A large (up to 20mm long) and very distinctive longhorn beetle with the golden iridescent bloom on the elytra and thorax plus the long antennae with dark and light bands. It is a stem borer that breeds in the stems of thistles and other herbaceous plants.
Habitat: Mainly found in moist meadows and hedgerows. Adults feed on umbellifers such as Hogweed and Cow Parsley as well as on nettles.
UK Status: This beetle is fairly common in the south and east of England.
A short walk alongside the River Mole today produced a few sightings of our two resident species of Calopterygidea Demoiselles. These are fairly large damselflies with a metallic green or blue body and the males of both species have characteristic blue wings.
This is the male Beautiful Demoiselle(Calopteryx virgo)where the dark brown-black wing pigment covers all of the wing.
On the male Banded Demoiselle(Calopteryx splendens) the dark blue-black wing pigment is a central band. In all other respects the males of both species are very similar. Unfortunately the females didn't get in front of the lens.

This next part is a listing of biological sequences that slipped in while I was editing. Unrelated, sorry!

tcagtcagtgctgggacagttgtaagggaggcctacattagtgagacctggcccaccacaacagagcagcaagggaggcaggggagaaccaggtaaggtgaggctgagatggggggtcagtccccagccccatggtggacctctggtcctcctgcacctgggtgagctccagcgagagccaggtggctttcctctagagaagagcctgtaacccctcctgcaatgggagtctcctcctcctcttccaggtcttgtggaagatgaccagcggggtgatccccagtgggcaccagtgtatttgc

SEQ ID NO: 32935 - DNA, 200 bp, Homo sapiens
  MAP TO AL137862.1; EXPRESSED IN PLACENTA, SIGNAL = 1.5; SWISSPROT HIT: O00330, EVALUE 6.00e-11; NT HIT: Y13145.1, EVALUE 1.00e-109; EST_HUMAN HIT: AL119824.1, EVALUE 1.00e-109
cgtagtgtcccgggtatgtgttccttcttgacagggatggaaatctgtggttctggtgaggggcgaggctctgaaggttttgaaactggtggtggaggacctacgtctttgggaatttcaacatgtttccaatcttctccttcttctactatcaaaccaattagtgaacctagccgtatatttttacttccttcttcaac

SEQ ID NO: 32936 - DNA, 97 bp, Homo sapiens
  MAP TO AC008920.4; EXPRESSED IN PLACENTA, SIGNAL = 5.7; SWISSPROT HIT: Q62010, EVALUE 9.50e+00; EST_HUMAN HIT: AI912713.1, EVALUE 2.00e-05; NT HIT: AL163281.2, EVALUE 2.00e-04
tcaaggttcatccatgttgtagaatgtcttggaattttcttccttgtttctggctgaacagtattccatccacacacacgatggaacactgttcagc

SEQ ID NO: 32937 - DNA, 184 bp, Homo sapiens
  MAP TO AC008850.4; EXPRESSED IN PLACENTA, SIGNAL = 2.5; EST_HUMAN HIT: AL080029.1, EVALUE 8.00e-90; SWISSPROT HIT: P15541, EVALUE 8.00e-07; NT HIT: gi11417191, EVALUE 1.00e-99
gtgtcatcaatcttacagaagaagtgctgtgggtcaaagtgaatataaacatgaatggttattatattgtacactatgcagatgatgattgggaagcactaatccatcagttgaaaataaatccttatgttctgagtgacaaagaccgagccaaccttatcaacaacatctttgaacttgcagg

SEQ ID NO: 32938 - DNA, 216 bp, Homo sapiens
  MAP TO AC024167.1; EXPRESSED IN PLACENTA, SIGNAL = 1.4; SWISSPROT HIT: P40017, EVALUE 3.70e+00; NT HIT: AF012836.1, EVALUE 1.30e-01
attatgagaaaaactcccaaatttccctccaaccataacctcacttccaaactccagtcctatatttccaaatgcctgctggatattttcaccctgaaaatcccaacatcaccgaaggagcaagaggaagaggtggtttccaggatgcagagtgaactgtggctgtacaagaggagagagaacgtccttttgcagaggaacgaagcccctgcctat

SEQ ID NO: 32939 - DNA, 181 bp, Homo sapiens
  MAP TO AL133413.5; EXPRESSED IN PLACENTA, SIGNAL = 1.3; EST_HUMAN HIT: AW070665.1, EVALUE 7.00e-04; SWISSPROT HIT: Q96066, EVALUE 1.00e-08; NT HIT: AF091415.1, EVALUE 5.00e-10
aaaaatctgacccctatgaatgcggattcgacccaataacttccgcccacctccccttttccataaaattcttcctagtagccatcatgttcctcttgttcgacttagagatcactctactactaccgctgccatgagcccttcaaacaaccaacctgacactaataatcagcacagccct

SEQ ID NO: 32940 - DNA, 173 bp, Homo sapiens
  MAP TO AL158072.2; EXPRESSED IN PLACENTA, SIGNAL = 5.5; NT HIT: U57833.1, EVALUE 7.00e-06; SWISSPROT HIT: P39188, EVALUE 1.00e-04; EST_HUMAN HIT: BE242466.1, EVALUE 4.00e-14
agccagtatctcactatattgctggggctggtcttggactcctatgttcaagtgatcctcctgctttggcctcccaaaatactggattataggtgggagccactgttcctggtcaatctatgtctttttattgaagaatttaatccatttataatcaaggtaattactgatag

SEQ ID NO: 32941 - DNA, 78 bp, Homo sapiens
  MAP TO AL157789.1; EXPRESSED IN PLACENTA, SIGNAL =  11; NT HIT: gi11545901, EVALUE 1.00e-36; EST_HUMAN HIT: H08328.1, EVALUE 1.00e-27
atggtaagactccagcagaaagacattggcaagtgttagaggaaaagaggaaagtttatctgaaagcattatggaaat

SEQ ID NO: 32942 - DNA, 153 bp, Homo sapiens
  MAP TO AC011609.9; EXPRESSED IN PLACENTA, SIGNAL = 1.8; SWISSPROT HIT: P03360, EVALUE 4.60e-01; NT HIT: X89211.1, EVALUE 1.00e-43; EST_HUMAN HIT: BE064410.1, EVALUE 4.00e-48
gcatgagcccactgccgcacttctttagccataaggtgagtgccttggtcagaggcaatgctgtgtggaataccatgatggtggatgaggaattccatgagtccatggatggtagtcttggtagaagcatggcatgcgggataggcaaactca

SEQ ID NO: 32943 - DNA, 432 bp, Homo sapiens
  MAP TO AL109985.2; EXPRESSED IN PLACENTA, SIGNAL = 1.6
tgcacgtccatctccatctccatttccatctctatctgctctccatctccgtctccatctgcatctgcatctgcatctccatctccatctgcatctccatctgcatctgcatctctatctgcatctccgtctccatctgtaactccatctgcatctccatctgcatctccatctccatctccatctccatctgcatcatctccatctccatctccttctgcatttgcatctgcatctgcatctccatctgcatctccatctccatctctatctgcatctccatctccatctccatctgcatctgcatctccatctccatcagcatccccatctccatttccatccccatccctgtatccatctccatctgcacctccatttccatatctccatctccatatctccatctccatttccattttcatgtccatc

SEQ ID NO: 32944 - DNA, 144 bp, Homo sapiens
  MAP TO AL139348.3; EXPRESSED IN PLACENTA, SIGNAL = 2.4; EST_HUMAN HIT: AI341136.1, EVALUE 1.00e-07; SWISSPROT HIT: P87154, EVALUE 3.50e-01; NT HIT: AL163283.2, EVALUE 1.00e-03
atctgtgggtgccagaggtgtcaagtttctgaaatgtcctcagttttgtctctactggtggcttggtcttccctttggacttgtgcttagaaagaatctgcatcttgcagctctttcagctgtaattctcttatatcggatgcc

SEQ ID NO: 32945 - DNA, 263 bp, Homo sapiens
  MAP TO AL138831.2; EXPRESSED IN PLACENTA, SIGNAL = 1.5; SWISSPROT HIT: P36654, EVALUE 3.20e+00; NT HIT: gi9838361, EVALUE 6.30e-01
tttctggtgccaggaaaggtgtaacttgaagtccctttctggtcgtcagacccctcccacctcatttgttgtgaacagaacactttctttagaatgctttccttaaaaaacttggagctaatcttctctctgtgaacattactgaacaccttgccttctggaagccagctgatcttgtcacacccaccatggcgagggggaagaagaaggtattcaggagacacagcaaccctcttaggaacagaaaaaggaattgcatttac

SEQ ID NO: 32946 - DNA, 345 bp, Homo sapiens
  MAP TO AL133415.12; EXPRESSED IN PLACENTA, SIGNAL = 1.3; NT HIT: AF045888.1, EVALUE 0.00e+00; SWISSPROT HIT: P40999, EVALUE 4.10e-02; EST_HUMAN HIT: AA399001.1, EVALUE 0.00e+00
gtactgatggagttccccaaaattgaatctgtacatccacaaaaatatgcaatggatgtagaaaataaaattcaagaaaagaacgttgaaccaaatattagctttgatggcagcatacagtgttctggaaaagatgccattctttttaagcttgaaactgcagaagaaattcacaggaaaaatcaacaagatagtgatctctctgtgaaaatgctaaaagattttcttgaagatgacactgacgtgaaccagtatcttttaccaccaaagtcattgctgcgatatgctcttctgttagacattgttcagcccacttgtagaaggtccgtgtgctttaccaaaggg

Green Hairstreak(Callophrys rubi). I found this individual soaking up the sun during a wander around Thursley Common. From memory this is the first time I have managed to get a decent image of this usually well camouflaged species. FAB.
I have always been fascinated by the feather patterns on the maleGadwall(Anas Strepera) but only recently managed to get one reasonable image to post here.
If you looked up the definition of Gadwall it would probably state this is a drably greyish-brown, medium sized dabbling duck but in my view that doesn't do it justice. In full breeding plumage the head of the male is brown but the rest of the body is a series of finely vermiculated grey which is boldest on the breast and its long scapulars are a pale grey-buff. Of course when scanning for this species the most obvious diagnostic features would be its black stern and a small white speculum (not visible on the above image) which is far more prominent when the duck is in flight. The origin of the name 'Gadwall' is unknown (probably from the mid 17th century) but I am glad that this delightfully patterned duck was not called a 'Grey Duck' as Carl Linnaeus allocated that to the Grey duck (Anas superciliosa superciliosa), a critically endangered species in New Zealand. FAB.